Being active is part of the Australian way of life.
The Surf Life Saving movement encourages members to be active, to do more and to be more.
Our sport forms a significant component of who we are as an organisation. From Nipper to elite Ironman and Ironwoman, all our members have the opportunity to participate in local, regional, state, national and international surf sports competitions. Unlike other sports, the purpose of competition is to improve lifesaving skills to keep our beaches safe. There are many disciplines to cater for everyone’s interest. From swimming events to board or ski paddling as well as events that don’t even require you to get your toes wet such as beach sprints and beach flags events. Off the beach, surf lifesavers are also required to refine their swimming skills in the pool and participate in pool rescue competitions.
Quick Links – Competition Events
- Competition on the sand »
- First aid »
- Inflatable rescue boat (IRB) racing »
- March past »
- Rescue and resuscitation »
- Surf boat rowing »
- Water events – swimming, boat and ski »
- Multi-discipline events »
Competition on the Sand
Beach events are held on the sand and include events such as:
Beach sprint – competitors race on a straight sand course of approximately 70 – 90 metres to the finishing line.
Beach relay – teams of 4 competitors race on a straight sand course of approximately 70 – 90 metres with a baton, running one lap each. The final runner of a team over the finish line wins.
Beach flags – competitors start lying on their stomach facing away from a baton/s buried in the sand approximately 15 – 20 metres away. There is always less batons than competitors. On the starting gun, competitors rise, turn and race to secure a baton. The competitor(s) who fail to obtain a baton are eliminated. The process repeats until there is a single winner.
2 km beach run – U15 to Opens & Masters competitors race on a sand course in four laps of 500 metres to total approximately 2 km.
1 km beach run – Masters competitors 64+ race on a sand course in two laps of 500 metres to total approximately 1 km.
First aid and Lifesaving competitions are set to challenge a person’s lifesaving skills, putting them in scenarios and scoring them on how they handle it.
- First Aid Competition
- Champion Lifesaver
- Patrol Competition
Inflatable Rescue Boat (IRB) Racing
Inflatable Rescue Boat (IRB) competition aims to:
- Improve the skills and technique of IRB drivers and crew
- Allow crews to demonstrate their techniques and abilities to perform rescues
- Bring crews together to discuss and improve IRB techniques and operations
- Promote safety awareness techniques for the crew and patients in simulated rescue scenarios
IRB Racing takes place every winter season.
March Past & Colour Party
March Past is one of Surf Life Saving’s original events and represents the traditional discipline of a surf lifesaver. Teams, often dressed in full length club swimming costumes, march in time to music around a set course carrying a surf reel, line and belt and following their standard (flag) bearer.
Teams march in formation following commands and they are judged on factors such timing, arm and leg swing, space and dressing, body carriage and presentation.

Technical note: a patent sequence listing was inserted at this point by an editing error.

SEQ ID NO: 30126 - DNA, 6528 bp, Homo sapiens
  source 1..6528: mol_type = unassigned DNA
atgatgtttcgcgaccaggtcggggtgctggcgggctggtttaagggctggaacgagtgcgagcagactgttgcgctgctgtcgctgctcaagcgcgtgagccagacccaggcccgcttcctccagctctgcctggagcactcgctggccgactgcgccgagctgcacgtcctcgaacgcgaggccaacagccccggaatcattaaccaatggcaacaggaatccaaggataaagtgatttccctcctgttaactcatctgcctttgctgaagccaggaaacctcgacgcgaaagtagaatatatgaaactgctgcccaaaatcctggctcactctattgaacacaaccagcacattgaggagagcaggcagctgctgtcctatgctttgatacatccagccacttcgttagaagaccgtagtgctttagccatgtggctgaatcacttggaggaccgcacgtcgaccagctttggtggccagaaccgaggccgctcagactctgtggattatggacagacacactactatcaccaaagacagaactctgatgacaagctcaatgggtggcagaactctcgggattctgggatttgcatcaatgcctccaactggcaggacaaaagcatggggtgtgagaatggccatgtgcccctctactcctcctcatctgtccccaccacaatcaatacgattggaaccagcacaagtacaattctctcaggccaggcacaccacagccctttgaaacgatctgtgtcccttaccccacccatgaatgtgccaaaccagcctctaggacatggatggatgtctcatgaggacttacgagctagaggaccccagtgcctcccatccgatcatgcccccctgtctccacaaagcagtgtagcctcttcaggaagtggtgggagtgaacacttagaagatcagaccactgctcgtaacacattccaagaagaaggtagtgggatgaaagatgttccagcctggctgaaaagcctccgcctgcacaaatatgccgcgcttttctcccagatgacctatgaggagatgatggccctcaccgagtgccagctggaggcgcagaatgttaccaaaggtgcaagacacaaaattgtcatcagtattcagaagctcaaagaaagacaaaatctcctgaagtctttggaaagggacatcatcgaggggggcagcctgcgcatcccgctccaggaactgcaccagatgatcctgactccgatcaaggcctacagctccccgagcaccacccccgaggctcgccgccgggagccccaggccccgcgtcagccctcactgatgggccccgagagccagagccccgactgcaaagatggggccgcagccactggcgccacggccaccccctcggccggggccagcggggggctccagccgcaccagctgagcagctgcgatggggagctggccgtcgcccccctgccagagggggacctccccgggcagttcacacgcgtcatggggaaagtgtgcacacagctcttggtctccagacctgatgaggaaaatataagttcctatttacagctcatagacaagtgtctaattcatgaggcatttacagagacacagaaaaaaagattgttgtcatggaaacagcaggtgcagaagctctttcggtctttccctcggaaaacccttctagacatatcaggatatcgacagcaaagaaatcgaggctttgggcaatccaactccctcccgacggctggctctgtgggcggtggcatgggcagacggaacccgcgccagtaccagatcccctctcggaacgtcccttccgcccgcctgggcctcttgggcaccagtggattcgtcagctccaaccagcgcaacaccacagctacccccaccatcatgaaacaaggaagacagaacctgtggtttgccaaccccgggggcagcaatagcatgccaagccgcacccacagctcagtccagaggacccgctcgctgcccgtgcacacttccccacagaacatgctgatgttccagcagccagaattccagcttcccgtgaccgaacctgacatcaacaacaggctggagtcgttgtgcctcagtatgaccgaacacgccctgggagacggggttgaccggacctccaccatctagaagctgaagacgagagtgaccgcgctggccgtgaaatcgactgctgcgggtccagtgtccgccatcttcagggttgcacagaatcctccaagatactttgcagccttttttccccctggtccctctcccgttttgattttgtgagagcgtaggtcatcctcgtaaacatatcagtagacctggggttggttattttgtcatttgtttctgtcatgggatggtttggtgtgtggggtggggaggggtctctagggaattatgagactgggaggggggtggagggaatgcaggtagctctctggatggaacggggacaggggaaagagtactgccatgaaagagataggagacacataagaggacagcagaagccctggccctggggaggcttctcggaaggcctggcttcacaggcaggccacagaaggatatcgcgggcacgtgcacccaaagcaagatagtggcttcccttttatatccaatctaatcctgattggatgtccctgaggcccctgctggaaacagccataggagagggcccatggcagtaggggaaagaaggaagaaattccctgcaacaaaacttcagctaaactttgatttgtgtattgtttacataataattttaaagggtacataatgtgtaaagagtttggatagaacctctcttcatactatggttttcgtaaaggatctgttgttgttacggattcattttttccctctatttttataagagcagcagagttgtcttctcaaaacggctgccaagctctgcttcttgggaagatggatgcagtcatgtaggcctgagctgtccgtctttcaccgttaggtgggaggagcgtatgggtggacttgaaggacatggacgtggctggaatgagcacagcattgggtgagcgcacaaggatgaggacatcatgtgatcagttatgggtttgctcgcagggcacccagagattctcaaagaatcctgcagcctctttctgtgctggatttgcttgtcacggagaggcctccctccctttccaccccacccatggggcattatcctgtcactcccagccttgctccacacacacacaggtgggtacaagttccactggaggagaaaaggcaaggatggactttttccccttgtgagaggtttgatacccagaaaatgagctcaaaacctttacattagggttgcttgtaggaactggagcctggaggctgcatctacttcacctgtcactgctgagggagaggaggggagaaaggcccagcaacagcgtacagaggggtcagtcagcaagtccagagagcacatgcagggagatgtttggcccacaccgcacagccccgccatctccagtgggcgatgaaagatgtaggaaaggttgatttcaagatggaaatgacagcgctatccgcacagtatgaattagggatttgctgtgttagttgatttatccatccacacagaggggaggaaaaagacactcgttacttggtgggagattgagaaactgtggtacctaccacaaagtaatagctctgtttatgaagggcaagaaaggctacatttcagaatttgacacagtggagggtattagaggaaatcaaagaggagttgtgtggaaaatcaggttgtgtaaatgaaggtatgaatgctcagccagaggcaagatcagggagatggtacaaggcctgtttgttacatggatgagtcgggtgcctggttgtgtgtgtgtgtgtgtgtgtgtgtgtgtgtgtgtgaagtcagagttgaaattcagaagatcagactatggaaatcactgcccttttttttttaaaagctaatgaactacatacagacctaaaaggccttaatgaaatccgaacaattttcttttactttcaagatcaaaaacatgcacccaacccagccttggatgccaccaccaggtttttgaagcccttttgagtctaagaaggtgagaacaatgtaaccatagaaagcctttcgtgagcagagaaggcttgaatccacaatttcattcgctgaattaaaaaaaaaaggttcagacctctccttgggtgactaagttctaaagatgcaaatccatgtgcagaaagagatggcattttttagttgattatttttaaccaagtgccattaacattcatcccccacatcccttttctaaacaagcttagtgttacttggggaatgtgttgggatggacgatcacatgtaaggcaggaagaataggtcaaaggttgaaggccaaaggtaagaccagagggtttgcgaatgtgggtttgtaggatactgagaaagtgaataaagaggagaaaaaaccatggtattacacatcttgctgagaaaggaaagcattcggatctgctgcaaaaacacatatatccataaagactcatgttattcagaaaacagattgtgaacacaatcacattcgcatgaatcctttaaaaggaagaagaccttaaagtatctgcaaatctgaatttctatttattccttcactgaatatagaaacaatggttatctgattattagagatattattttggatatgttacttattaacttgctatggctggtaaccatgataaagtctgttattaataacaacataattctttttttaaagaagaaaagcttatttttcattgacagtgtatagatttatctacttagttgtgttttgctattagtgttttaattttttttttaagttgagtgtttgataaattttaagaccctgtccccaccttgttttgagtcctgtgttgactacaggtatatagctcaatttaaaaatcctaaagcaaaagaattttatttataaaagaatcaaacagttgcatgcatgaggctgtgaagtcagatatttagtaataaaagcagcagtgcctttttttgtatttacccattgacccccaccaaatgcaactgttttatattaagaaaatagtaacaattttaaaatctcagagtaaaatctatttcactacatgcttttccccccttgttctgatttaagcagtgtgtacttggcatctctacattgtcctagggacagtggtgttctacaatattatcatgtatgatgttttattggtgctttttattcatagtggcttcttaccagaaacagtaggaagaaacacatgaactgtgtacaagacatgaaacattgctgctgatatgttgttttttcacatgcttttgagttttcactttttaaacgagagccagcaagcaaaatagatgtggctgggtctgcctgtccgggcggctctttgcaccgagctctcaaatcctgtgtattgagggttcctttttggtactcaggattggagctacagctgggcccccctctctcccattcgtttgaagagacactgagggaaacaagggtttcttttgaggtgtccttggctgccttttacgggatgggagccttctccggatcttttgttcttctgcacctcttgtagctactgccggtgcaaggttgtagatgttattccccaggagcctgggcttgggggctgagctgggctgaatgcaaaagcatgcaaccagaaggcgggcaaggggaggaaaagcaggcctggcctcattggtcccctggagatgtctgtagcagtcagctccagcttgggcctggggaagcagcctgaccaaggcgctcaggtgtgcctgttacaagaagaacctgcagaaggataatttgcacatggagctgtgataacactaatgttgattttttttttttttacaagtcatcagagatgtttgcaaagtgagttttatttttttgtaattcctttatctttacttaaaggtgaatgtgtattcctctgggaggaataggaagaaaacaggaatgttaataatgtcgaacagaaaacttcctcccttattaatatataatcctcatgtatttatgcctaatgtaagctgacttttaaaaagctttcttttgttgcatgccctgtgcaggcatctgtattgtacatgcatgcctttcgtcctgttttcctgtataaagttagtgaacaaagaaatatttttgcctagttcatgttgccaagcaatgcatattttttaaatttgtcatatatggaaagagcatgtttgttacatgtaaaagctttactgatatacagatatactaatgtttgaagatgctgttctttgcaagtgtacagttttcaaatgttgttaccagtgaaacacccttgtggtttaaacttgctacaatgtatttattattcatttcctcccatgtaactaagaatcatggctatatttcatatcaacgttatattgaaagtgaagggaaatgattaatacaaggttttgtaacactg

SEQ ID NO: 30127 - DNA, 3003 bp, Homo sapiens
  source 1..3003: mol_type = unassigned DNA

The Colour Party follows the March Past and has a history stemming from the military tradition where service people and volunteers marched carrying flags.
Rescue and Resuscitation
The Rescue and Resuscitation (R&R) competition provides the opportunity for SLSA members to demonstrate in a competitive manner some traditional rescue and resuscitation techniques used in Surf Life Saving.
The term “R&R” comes from the core business of surf lifesaving which is “Rescue and Resuscitation”. Today the rescue is done more than likely by a member using a rescue tube, rescue board, IRB or Jet Ski. In the past rescues were carried out by a group of members using the reel, line and belt, the rescuer donning the safety belt with the line attached and swimming out to sea to collect the patient. The reel, line and belt still form the rescue equipment in R&R competition today.
Since the inception of surf lifesaving, competition amongst surf club members and surf clubs was inevitable and the R&R event was developed. As the name implies it is Rescue and Resuscitation of a patient still using the absolute icon of surf lifesaving, a reel, line and belt. Competitors are assessed and marked on their performance through the whole competition. The event requires that each team member focus and undertake each task with precision so as not to incur any point’s deduction. The winner is the team with the least number of points at the end of the event.
Surf Boat Rowing
A boat crew shall consist of five competitors, four of whom shall be “rowers” and a “sweep” who controls the boat by use of a sweep oar and commands to the rowers. Boat crews start at the water’s edge holding their boats ready. On the starting signal, crews row around their assigned turning buoy situated approximately 400 metres off shore and return to the beach. The winner is the first crew to pass their boat between the finish flags on the beach.
More information: If you require any more information please contact our surf boat captain.
Water Events – Swimming
Swimming ability is a prime factor in surf lifesaving. SLS Swimming events have been designed to encourage members to keep fit for lifesaving duties. Events include: